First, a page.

The eighteenth century represents a break between the progress of science and the social transformations

The eighteenth century represents a break between the progress of science and the social transformations, turning towards the idea of what is the origin of our knowledge. The empiricist approach denounces as an illusion of reason the dualism of ideas and things, showing that experience, is inseparable from practical activity, and is ultimately the only real base. The empiricists focused within their works, on the question of the correlation between the formation of ideas, as the relations between men are established.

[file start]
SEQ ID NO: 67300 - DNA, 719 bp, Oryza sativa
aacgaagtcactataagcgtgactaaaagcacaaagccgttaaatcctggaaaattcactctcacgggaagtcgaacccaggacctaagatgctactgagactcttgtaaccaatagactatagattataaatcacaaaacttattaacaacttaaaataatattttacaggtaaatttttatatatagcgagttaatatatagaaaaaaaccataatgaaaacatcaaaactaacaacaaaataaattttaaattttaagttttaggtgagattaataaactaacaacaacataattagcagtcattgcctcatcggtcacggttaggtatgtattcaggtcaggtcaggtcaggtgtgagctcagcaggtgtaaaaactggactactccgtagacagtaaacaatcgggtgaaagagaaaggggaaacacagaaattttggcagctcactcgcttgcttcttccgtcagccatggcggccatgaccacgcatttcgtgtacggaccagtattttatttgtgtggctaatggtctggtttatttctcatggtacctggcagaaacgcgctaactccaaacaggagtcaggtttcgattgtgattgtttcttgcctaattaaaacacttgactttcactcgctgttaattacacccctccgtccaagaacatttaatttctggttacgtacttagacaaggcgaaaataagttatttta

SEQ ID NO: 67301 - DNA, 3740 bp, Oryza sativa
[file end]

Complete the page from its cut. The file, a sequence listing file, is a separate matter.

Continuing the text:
The Essay on the Human Understanding demonstrates the nature and limits of human understanding. Locke’s reflection on knowledge, questions the existence of where do innate ideas come from. Locke’s theory “no innate principles in the mind” (Locke, Book I). opposes that there are innate ideas and exemplifies “that all children and idiots have not the least apprehension or thought of them … it is evident that there are no such impressions.” (Locke, Book I, 5). Which emphasize that they would have no way of determining what could appear to be evident ideas like the idea that we can have A and not A. Nor is there any morality of necessity, or universal practical principles. Therefore, it is clear that Locke affirms that it is not possible at a young age to define principles based on reason, while Descartes, sets that all men will have an innate reason. (Locke, Book I, 3). Locke adds “If coming to the use of reason were the time of their discovery, it would not prove them innate.” (Locke, Book I, 14). And “That men know them when they come to the use of reason, answered. To avoid this, it is usually answered, that all men know and assent to them when they come to the use of reason; and this is enough to prove them innate.” (Locke, Book I, 30). Ideas exist besides our senses, formed through experience, and so is what we can call reflection. Moreover, what we: perceive, doubt, believe, imagine, reason through our internal sense of the operations of our soul produce ideas of reflection that are none other than the ideas we have of these operations. Altogether, the ideas of sensation, and of reflection constitute what Locke calls experience. Nonetheless, to support his argument that our knowledge derives from the experience, Locke uses the term “tabula rasa” to demonstrates that it is within the mind that ideas are formed but since it is sort of blank before they have been received through experience.